Opening with Deuce, from the album Kiss, it was apparent from the start this would be an evening of classics. Shout It Out Loud came next and this was followed by a moments silence for the victims of the Manchester bombing. Union Jack flags blazed onto the screens along with the slogan “We Stand with Manchester”, a fitting memorial for the atrocities that had occurred a week before.

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The music kicked in again with Lick It Up, an obvious crowd favourite, and this was followed by Firehouse. All in all there were only two songs on the whole set list that I didn’t know, so the die-hard Kiss fans would have been extremely happy.

All the hits were there from Crazy, Crazy Nights to Psycho Circus to Black Diamond and a Kiss show wouldn’t be a Kiss show without God of Thunder and Gene Simmons’ blood-spitting demon routine. I have heard this being compared to an old grandad’s party piece that people humour so not offend said grandad but I think it’s a little more than that. It’s part of the backbone of a Kiss gig and any new Kiss fans or people seeing them for the first time would hate for it to now, after all these years, be suddenly omitted from the show.

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With pyrotechnics galore, ticker tape (do we call it that here in England?) and Paul Stanley zip-wiring to a circular stage amongst the crowd, this show certainly had all the hall-marks of a Kiss show. But let’s face it. To call a Kiss gig a show is really an understatement, with words such as “spectacular” and “extravaganza” springing to mind.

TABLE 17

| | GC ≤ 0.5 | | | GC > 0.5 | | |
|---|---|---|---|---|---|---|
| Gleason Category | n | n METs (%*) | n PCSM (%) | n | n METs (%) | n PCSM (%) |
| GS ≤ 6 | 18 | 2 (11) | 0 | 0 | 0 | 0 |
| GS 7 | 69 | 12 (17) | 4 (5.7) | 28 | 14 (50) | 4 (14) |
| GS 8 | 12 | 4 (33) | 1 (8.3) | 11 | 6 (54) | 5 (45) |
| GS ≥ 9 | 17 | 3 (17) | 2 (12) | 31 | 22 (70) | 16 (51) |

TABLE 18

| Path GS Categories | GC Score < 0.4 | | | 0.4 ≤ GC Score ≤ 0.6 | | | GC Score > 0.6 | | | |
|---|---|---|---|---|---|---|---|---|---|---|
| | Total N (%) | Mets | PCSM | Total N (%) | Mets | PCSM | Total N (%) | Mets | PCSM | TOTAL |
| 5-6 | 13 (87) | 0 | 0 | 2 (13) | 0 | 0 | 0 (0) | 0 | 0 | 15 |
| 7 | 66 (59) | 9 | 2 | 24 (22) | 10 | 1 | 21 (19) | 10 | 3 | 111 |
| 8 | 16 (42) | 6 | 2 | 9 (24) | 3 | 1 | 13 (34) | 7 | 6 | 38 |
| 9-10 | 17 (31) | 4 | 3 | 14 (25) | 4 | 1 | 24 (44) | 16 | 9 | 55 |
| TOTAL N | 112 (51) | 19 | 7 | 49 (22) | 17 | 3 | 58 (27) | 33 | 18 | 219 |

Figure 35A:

All four guys were on top form for the whole performance, Paul Stanley’s voice faltering ever so slightly at times but his showmanship more than made up for it, Gene’s tongue appeared more times than a snake’s searching for food, and both Eric and Tommy were fantastic. Never before have I seen a band with more stage presence and charisma as these guys…..and I have seen some egos over the years.

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Their closing song was, none other than, Rock n Roll All Nite, with an encore of singalong song, I Was Made For Loving You and the awesome Detroit Rock City. My only gripe is that they never played Strutter, my favourite, but them’s the breaks I guess. They can’t play EVERYONE’S favourite song now, can they?

All in all, a Kiss gig is an absolute must and I, for one, am glad I was able to see them before they hang up their platforms and face paints for good.

Disclaimer: This review and photographs are solely the property of Dawn King and Ever Metal. It is strictly forbidden to copy any part of this review, unless you have the strict permission of both parties. Failure to adhere to this will be treated as plagiarism and will be reported to the relevant authorities.